GET TO KNOW THE BIRDS OF TURKEY - 4 - Dreamstime
Northern bald ibis - Geronticus eremita (Kelaynak in Turkish)
This species has undergone a long-term decline and now has an extremely small population, with over 95% of truly wild birds concentrated in one subpopulation in Morocco. Numbers are currently increasing owing to management actions and consequent improved breeding success. However, this improvement in its status in Morocco is very recent and has not yet led to an increase in the number of colonies. In Syria its population appears to have declined dramatically in the past 30 years. The species is precautionarily retained as Critically Endangered for these reasons.
70-80 cm. Large ibis. Black overall, with iridescent tints of blue, green and copper in sunlight. Red, naked face and crown. Long, narrow feathers project from nuchal area to form ruff. Voice Usually silent. Various hisses and grunts at nest and in display
Distribution and population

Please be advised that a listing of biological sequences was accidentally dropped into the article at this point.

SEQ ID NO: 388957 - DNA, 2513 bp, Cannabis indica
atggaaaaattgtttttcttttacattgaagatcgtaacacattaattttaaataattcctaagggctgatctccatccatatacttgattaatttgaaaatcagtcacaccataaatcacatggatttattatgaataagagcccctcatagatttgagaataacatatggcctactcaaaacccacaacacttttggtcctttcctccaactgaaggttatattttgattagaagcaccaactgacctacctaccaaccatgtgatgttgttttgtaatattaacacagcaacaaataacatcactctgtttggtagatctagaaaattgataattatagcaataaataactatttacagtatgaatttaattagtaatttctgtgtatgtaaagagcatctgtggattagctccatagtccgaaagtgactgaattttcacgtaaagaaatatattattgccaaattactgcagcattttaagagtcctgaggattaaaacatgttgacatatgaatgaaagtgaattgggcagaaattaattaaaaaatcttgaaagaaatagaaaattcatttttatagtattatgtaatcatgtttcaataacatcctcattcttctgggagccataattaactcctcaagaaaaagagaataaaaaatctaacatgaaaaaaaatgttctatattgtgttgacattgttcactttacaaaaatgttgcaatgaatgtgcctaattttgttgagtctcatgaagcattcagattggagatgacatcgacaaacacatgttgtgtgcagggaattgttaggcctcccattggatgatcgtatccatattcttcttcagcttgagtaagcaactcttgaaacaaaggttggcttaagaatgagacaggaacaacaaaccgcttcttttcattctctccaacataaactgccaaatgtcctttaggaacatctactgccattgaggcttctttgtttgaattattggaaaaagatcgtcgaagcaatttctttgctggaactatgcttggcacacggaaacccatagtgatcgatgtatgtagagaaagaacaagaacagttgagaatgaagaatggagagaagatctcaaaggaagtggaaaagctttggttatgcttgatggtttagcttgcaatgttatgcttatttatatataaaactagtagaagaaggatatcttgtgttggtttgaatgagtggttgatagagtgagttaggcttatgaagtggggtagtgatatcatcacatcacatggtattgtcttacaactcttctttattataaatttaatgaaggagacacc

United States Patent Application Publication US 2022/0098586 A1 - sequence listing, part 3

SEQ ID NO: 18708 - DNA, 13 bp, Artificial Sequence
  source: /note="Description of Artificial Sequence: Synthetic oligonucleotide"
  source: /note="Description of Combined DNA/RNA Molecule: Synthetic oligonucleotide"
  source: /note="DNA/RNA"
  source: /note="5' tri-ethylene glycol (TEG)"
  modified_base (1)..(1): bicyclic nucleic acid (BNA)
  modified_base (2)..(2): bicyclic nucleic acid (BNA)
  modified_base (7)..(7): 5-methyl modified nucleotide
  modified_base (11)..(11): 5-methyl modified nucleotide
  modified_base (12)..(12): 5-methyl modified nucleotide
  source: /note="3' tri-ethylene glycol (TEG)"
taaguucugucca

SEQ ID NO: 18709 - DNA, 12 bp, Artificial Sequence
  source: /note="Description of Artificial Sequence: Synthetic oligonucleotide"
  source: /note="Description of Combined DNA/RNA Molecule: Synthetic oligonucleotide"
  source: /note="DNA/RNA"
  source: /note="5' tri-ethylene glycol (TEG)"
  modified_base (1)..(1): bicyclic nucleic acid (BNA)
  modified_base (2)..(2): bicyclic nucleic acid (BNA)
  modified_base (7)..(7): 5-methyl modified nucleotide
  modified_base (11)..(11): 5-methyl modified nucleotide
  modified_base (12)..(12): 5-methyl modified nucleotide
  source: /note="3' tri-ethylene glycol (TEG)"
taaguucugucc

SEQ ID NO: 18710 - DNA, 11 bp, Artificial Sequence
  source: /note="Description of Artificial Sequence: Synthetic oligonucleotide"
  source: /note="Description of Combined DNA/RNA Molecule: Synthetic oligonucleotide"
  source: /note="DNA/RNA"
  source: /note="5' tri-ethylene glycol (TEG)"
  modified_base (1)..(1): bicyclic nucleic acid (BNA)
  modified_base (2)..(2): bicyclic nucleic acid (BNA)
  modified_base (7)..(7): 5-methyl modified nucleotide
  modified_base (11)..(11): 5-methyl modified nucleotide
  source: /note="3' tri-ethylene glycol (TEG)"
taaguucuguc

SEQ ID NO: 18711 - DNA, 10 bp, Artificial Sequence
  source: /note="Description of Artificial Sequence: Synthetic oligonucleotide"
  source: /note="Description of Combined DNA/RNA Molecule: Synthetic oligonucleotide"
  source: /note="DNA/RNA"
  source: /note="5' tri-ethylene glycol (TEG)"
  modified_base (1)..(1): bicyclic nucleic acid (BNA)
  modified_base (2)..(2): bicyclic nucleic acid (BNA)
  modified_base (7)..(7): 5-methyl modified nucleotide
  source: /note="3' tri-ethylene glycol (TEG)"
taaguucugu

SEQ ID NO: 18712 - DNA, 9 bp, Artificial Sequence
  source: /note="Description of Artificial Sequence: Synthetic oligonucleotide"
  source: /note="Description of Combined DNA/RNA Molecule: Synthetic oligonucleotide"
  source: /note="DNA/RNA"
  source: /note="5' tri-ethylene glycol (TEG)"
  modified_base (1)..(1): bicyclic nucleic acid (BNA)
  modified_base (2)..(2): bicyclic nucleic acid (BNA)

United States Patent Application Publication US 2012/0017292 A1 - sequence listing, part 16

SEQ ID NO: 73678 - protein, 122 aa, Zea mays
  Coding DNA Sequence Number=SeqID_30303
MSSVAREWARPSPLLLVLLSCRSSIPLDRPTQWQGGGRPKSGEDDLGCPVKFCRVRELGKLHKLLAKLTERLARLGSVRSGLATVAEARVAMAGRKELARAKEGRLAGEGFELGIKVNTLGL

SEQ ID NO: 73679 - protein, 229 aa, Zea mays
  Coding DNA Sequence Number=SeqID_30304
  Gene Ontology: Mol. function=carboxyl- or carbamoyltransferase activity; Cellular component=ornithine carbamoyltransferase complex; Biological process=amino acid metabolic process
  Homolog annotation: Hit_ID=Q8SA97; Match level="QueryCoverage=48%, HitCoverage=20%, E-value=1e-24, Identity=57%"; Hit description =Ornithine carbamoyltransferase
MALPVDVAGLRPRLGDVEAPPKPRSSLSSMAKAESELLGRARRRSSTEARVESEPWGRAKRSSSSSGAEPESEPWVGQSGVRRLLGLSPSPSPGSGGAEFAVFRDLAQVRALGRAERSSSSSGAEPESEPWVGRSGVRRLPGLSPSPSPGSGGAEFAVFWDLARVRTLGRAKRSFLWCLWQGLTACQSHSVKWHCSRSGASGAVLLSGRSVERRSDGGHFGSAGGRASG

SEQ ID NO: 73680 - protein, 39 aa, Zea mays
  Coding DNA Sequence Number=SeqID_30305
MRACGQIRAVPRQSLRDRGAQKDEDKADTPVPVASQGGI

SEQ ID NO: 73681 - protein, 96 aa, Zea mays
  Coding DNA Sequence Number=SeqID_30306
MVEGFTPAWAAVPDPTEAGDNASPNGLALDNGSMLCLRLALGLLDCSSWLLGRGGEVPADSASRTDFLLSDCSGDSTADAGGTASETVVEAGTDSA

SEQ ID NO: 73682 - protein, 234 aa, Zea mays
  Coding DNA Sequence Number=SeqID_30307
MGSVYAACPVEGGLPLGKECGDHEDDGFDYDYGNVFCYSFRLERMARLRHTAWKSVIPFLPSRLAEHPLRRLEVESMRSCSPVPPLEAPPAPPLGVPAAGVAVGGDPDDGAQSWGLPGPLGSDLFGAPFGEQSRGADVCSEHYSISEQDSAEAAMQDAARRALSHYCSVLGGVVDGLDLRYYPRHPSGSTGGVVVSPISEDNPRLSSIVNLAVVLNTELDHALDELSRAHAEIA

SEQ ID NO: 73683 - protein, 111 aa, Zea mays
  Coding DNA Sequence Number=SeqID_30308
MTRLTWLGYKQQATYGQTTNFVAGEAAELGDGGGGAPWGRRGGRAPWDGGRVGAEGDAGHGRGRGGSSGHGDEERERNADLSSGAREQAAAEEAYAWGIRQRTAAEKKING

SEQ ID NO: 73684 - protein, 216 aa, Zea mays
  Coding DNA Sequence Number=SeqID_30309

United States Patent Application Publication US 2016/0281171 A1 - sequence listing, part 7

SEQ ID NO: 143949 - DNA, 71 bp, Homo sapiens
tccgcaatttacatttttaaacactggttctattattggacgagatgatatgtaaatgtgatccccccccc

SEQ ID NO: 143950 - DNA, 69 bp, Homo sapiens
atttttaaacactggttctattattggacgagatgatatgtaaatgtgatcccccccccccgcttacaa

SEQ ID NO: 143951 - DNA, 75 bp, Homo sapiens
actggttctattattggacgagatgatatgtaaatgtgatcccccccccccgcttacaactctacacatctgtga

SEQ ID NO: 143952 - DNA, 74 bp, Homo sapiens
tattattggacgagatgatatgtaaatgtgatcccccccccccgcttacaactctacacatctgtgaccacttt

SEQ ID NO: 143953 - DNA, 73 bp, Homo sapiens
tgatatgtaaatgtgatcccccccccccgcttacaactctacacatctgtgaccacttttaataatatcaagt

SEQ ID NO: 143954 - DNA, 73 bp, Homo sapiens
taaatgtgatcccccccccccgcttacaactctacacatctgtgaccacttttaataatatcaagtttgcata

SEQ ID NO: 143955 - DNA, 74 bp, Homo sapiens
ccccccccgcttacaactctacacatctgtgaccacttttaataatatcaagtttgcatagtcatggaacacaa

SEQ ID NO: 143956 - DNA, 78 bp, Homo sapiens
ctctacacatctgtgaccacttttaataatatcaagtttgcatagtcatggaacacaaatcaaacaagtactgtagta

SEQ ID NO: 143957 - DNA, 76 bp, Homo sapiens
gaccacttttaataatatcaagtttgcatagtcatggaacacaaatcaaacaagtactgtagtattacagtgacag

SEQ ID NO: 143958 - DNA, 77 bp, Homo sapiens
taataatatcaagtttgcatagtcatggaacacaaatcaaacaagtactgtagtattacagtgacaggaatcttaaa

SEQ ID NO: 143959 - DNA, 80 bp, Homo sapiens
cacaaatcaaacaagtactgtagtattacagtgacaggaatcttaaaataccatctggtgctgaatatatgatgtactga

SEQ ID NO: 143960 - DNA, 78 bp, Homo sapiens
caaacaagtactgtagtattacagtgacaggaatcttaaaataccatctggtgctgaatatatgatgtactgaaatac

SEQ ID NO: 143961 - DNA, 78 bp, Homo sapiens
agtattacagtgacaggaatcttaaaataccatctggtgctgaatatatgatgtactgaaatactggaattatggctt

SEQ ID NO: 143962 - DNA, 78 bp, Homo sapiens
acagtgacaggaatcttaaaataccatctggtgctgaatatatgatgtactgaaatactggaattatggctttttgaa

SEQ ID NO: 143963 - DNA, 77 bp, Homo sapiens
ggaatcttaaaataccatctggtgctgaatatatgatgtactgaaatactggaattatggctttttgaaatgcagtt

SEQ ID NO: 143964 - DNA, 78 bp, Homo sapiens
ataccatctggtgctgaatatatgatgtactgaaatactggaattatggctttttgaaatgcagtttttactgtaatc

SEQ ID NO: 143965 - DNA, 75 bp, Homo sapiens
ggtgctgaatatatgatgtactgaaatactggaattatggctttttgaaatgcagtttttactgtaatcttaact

The historical range of Geronticus eremita probably extended throughout North Africa and into the Middle East. Since the beginning of the 20th century, however, the species has been known from two disjunct populations: a western population in Morocco and an eastern population in Turkey and Syria. In Morocco it is found at Souss-Massa National Park (338 km2; three sub-colonies) and at nearby Tamri (one colony, half the breeding population), with some movement of birds between these two. The eastern population was believed to have died out, however, in 2002, a tiny colony, consisting of just seven individuals, was rediscovered at Palmyra in Syria. Being migratory, the Syrian population is behaviourally distinct from the Moroccan one, with which it is thought to have separated long ago. During the six breeding seasons following the rediscovery (2002-2007), the three, and then two, pairs breed well and a total of 24 chicks fledged and left the breeding area successfully. Between 2004 and 2007, five immature ibises returned to the colony. In 2008, breeding failed with four chicks dying, probably due to predation by Brown-necked Raven Corvus ruficollis. The causes of failed breeding in 2009 are uncertain, but intraspecific disturbance and low spring rainfall are possible factors. In 2011, a single breeding pair fledged two young. Searches in 2003 for further colonies within the Syrian steppes proved fruitless. Satellite-tagging has revealed that this population migrates south through Jordan and Saudi Arabia; six birds spent three weeks in Yemen (July-August), then wintering in central Ethiopia; migrating back to Syria, through Eritrea, Sudan, Saudi Arabia and Jordan in February; four adults were located in Ethiopia in the winters of 2006-07, 2007-08 and 2008-09. Records of untagged birds in Israel and Djibouti in late 2007 may relate to immature birds from the Syrian colony or birds from an as yet undiscovered population. In 1995, the Moroccan population was estimated at 300 individuals (74 breeding pairs that laid eggs). In 1998, it had declined to 59 pairs, following the mysterious death of 40 birds in 1996, but by 2006 there were 95 pairs that laid eggs. Importantly, since 1980 there has been no overall decline in numbers at Souss-Massa NP. Growing numbers, and good productivity (over 500 birds in the Moroccan population after the breeding season in recent years) give cause for optimism that former areas may soon be recolonised. A semi-wild population numbering 91 individuals in 2006 exists at Birecik, Turkey, where birds are free-flying for five months, breeding on natural nest sites and nest-boxes on cliffs, but are taken into captivity after the breeding season to prevent them from migrating. Three birds from the colony migrated in 2009 travelling via the Palmyra site. However, three were found dead in Jordan. Historically, the species occurred across parts of southern Europe, and captive populations have been maintained in Austria (at Grünau, 22 birds, now breeding) and Spain, with a long-term aim to re-establish the species in parts of its former range. Around 30 birds have now been released in the La Janda area, Spain, and in 2008 a released pair laid two eggs, perhaps the first breeding of the species in the wild in Spain for 500 years